Pilates on the Rooftop. Watch the sundown while you improve your body and mind!
by Cyndee Krantz
The central aim of Pilates is to create a fusion of mind and body, so that without thinking about it the body will move with economy, grace, and balance. Cyndee Krantz believes in using one's body to the greatest advantage, making the most of its strengths, counteracting its weaknesses, and correcting its imbalances.
The method requires that one constantly pay attention to one's body while doing the movements. Paying attention to movement is so vital that it is more important than any other single aspect of the movements.
Of additional importance is the circulation of the blood so that it can awaken all the cells in the body and carry away the wastes related to fatigue.
For the blood to do its work properly, it has to be charged with oxygen and purged of waste gases through proper breathing. Full and thorough inhalation and exhalation are part of every Pilates exercise. Pilates uses forced exhalation as the key to full inhalation. Breathing, too, should be done with concentration, control, and precision. Breathing, not only oxygenates the muscles, but proper breathing reduces tension in the upper neck and shoulders. Pilates breathing is a posterior lateral breathing, meaning when inhaling you breathe deep into the back and sides of your rib cage. At the same time as you exhale you feel the engagement of your deep abdominal and pelvic floor muscles and maintain this engagement as you inhale. It should be properly coordinated with movement. Each exercise is accompanied by breathing instructions.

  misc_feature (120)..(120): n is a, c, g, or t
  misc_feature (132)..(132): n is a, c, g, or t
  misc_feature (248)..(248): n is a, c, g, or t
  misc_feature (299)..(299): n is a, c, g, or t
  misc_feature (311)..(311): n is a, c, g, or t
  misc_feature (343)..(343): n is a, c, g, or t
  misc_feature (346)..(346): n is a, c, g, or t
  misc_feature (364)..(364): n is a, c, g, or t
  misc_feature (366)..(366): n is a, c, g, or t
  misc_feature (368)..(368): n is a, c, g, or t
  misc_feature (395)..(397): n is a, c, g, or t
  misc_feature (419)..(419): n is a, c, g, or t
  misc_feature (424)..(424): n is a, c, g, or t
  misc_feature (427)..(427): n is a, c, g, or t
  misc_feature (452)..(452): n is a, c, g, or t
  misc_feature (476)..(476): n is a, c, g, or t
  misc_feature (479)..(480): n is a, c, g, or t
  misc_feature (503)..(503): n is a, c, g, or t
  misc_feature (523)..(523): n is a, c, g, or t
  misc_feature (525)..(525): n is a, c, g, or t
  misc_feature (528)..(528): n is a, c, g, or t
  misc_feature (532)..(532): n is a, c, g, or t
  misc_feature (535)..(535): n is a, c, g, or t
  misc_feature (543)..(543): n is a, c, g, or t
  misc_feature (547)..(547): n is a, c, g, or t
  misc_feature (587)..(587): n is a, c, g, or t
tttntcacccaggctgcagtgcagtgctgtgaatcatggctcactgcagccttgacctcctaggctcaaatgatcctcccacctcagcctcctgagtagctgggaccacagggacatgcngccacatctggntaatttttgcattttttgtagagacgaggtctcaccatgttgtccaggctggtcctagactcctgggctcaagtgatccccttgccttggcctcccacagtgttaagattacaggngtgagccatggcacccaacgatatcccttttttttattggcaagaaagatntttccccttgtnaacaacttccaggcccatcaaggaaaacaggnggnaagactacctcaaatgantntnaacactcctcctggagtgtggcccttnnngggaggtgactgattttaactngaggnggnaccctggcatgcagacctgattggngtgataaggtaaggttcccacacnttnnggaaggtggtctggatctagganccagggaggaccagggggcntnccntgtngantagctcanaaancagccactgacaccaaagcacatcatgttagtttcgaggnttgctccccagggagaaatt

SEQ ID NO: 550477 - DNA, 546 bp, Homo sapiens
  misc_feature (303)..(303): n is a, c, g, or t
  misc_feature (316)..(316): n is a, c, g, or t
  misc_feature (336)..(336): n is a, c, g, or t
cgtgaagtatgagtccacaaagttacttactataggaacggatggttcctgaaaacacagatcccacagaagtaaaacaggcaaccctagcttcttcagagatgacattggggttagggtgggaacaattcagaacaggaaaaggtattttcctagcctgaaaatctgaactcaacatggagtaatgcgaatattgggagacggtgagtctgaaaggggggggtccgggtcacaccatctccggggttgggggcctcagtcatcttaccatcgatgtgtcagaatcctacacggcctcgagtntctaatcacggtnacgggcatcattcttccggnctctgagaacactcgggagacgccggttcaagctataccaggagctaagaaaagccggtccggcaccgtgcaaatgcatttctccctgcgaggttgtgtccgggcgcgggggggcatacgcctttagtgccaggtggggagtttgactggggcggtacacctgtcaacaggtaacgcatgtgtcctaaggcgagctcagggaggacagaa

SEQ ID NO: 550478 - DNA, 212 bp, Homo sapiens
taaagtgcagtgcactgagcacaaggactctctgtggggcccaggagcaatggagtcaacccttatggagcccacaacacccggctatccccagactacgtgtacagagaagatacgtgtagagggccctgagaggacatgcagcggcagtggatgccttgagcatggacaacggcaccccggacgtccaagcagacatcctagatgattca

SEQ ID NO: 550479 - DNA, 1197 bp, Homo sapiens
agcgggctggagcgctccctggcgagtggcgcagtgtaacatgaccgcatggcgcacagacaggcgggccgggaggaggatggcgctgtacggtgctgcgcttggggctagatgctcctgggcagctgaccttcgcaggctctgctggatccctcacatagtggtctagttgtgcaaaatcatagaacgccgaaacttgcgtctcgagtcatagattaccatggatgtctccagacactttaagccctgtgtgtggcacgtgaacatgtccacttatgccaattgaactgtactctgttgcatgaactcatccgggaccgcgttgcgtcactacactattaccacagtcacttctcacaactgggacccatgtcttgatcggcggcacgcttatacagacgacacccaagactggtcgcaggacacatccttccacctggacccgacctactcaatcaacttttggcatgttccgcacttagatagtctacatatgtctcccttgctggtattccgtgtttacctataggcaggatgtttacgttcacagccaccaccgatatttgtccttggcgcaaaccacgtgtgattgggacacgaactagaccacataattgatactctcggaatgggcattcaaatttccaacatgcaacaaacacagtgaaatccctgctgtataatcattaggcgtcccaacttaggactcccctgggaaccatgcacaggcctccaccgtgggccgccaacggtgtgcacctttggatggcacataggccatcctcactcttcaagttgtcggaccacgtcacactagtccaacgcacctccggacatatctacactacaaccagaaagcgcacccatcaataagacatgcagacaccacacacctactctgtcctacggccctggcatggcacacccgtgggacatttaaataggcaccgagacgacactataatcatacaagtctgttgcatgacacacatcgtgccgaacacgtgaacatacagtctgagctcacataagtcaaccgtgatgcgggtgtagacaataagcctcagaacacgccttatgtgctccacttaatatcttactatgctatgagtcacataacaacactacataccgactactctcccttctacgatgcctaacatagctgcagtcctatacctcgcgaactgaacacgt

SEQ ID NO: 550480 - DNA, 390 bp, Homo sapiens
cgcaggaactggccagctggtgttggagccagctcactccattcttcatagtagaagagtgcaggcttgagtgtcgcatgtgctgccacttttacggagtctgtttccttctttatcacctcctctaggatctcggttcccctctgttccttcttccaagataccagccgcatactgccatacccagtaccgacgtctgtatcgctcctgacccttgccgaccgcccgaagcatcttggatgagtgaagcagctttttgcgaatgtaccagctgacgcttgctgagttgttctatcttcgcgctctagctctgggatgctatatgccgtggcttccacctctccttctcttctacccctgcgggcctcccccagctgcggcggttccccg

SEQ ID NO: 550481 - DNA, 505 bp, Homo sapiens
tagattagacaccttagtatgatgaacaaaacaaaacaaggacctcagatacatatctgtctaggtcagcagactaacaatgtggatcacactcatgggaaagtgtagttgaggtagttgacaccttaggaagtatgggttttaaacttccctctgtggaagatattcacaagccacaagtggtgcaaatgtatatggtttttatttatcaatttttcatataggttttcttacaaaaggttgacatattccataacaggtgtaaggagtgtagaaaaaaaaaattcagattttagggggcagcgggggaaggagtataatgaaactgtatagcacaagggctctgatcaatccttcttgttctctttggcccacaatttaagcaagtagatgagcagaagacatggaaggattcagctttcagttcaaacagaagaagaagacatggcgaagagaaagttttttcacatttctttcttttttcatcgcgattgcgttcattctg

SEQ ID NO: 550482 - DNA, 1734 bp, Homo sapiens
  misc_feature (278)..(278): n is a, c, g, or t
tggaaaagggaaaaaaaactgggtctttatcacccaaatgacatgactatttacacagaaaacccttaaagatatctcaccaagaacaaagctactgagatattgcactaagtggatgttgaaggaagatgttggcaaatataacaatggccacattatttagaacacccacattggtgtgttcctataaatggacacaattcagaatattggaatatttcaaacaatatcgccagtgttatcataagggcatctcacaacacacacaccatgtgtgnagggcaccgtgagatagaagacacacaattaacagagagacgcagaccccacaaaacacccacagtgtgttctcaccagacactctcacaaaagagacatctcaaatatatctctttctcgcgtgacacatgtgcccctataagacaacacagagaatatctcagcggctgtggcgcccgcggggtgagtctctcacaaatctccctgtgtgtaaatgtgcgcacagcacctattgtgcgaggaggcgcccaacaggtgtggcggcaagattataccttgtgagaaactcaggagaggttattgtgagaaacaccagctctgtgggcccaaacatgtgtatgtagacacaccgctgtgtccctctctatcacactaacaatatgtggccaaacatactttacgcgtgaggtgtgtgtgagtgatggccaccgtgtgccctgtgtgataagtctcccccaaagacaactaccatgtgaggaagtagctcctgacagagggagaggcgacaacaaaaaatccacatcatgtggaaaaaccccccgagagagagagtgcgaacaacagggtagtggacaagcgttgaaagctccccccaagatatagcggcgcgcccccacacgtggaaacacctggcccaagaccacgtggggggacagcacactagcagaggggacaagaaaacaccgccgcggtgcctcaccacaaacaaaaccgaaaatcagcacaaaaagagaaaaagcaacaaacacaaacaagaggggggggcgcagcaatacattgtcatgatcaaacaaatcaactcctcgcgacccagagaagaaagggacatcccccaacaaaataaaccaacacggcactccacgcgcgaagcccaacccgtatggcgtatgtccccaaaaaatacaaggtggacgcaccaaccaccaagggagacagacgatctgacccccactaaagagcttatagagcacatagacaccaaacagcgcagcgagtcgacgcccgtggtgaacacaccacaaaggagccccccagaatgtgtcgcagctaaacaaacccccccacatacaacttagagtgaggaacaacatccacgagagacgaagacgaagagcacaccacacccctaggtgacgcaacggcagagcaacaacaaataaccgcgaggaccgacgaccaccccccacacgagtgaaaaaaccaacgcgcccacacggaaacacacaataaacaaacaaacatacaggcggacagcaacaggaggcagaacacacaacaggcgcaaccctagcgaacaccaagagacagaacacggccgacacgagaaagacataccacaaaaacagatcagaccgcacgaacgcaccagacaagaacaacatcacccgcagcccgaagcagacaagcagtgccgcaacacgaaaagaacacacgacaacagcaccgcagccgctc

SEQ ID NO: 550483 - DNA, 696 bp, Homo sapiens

The very large group of muscles in the center of the body – encompassing the abdomen, lower back, hips, and buttocks is called the “powerhouse” or the “core”.
All energy for Pilates exercises begins from the powerhouse and flows outward to the extremities. Physical energy exerted from the center coordinates one’s movements. It is very important to build a strong powerhouse in order to rely on it in daily living.
Pilates demands intense focus. For instance, the inner thighs and pelvic floor may be accessed when doing a standing exercise that tones the triceps. Beginners learn to pay careful attention to their bodies, building on very small, delicate fundamental movements and controlled breathing. Every Pilates exercise must be performed with the utmost control, including all body parts, to avoid injury and produce positive results. Pilates emphasizes not intensity or multiple repetitions of a movement, but proper form for safe, effective results. Every movement in the Pilates method has a purpose. Every instruction is vitally important to the success of the whole. To leave out any detail is to forsake the intrinsic value of the exercise. The focus is on doing one precise and perfect movement, rather than many halfhearted ones. Eventually this precision becomes second nature, and carries over into everyday life as grace and economy of movement.